What makes something a hobby? For me it is something you do because I love to do it. You love it so much that you are willing to pay to do it, rather than be paid. The thing that matters most is the enjoyment it brings me. People can and do make money from their hobbies. I did that when I was writing fiction and nonfiction articles for various publications. But it is not about the money. Indeed, I make no money from this blog and I have continued to work at it for more than 16 years because I enjoy it. For me, when money becomes involved in a hobby, it begins to feel like work, and my hobbies are one escape I have from work. I was reminded of something I read in Oliver Burkeman’s book Four Thousand Week: Time Management for Mortals:
In an age of instrumentalization, the hobbyist is a subversive: he insists that some things are worth doing for themselves alone, despite offering no payoffs in terms of productivity or profit.
This is true for me, and is the main reason I pass on offers to monetize what I do here on the blog. Here is a place where I can write about whatever I want, and have it in front of an audience as quickly as I want. There are no submissions, no dealing with contracts or expenses. There is also, alas, no working with editors, which is one part of freelance work that I particularly enjoy because I learn so much from them. But I am fortunately to have readers who are kind and gentle in diligently pointing out the spelling, grammar and typo infelicities in my writing. That is almost as good. It means people are reading closely.
Over the years, I’ve considered reading to be my hobby, and writing stories and articles to be my hobby. But in truth, writing for the blog here is my hobby. Blogging is writing and through the transitive property, writing is my hobby. I think it is better for me to hold writing as a hobby than as a career. I’m not sure I’d could make it as a career. I like what E. B. White had to say about writing as an occupation while filling out a government questionnaire during the Second World War:
Writing is not an occupation nor is it a profession. Bad writing can be, and often is, an occupation; but I agree with the government that writing in the pure sense and in noblest form is nether an occupation nor a procession. It is more of an affliction, or just punishment.
White goes on to justify my own position, someone for whom writing is not a primary professions, but which takes place in the spaces between everything else I do: my day job, time with the kids and family, reading, chores around the house. He wrote,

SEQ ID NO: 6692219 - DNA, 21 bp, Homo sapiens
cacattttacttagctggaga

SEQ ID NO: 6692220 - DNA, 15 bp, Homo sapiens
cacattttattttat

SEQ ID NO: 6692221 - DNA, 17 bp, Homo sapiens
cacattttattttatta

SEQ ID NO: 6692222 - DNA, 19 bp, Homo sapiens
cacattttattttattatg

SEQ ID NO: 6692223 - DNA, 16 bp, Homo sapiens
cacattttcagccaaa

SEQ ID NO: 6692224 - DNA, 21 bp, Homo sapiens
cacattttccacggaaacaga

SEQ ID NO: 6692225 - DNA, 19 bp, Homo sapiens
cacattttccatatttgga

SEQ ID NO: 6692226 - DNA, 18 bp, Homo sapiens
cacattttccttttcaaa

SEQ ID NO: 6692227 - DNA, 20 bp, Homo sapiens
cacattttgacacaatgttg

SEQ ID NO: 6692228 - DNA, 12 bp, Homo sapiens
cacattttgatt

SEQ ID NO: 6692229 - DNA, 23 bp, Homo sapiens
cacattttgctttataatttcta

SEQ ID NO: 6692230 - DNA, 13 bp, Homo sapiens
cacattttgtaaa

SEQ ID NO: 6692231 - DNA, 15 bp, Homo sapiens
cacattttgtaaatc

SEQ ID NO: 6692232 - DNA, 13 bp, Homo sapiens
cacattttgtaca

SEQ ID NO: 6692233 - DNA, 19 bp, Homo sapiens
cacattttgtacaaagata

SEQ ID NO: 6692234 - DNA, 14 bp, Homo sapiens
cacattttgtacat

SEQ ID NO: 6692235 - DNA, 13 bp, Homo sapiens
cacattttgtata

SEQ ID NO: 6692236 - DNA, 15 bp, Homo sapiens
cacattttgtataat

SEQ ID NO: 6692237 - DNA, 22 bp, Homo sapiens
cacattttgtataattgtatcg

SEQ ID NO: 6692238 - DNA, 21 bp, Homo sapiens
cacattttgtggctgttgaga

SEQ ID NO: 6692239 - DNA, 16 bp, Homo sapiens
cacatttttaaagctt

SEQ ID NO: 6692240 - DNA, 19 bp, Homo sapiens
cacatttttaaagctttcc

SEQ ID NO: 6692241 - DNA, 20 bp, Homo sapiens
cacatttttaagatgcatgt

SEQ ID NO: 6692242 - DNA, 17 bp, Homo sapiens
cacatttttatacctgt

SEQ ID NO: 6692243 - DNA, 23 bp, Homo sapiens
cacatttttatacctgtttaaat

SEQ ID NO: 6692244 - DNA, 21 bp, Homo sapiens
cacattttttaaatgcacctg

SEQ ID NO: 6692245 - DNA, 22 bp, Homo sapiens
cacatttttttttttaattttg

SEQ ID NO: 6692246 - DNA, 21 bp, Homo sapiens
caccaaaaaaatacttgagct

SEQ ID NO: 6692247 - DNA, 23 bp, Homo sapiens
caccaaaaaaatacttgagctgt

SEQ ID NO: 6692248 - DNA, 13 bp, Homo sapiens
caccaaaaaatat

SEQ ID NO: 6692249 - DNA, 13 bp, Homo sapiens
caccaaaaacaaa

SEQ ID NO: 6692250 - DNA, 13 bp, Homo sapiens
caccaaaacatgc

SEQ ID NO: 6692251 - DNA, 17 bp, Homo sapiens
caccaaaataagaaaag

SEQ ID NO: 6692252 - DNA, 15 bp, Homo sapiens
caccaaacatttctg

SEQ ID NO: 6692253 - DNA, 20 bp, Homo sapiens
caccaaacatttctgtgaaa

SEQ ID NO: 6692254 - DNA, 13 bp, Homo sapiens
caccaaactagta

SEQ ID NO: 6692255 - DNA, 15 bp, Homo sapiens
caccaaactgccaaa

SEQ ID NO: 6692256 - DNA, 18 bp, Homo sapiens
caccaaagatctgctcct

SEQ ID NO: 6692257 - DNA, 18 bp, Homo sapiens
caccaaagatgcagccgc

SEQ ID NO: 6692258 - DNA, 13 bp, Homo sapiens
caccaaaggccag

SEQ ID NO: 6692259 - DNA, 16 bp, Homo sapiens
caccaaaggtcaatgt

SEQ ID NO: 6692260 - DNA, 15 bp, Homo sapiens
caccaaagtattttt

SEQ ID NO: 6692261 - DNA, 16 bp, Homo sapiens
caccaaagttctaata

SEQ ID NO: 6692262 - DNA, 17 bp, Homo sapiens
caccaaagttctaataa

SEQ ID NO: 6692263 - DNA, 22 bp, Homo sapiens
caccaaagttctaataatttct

I think the best writing is often done by persons who are snatching time from something else–from an occupation, or from a profession, or from a jail term–something that is either burning them up, as religion, or love, or politics, or that is boring them to tears, as prison, or a brokerage house, or an advertising firm.
There are many writers out there who make their livings from their blogs alone. I find that amazing and encouraging for writers. For me, I enjoy writing as a hobby. The more I think about it, the more I realize how much I look forward to this writing I do each day. I enjoy my day job, too, but there is a edge to that, a level of stress that doesn’t seem into this daily affliction of mine. Nor does this daily writing add to the stress of the day. Indeed, it acts as a stress absorbent. If something bothers me, I sit down to write about it, often in a humorous way, and feel the stress of the thing evaporate.
I sometimes wonder if my writing has improved at all by writing here on the blog. I’m not an objective observer on this matter, but when I go and look at older posts–posts going back 12 or 15 years, and compare them to the ones I am writing today, I think I can see some improvement. I like to think of these posts as essays, and it seems to me that no one can write more than 7,000 essays without showing some measure of improvement, especially when spurred on by readers of said essays.
I like thinking of writing as an affliction. For me, there could be no truer expression. I was afflicted by this particular bug as far back as at least third grade, when I wrote a story about two friends visiting Moscow for a social studies class. (This was the early 1980s and I’d seen pictures of the Kremlin splashed over the television news.) From that time on, I wrote, unable to resist the virus running through my veins. I can’t help but write, and if blogs didn’t exist, I’d be writing anyway, for an imagined audience, to imagined cheers and accolades.
Fortunately, I have this blog, and this audience upon which to spread the germs of this affliction.
At the beginning of 2021, I had a goal of trying to jump start things here on the blog. I had written only 51 posts in 2020, 47 in 2018. As of today, I’ve written about 417 posts in 2021. That is more than all of 2017-2020 put together, and a good part of 2016 as well. I set out to post every day of the year, and as of December 1, when I am writing this piece, I have managed to do just that, with quite a few days containing multiple posts.
This hobby, this affliction of mine has produced about 265,000 words so far in 2021. I might have spent the same amount of time and words attempting to write two novels, and not nearly have as much fun as I am having here.
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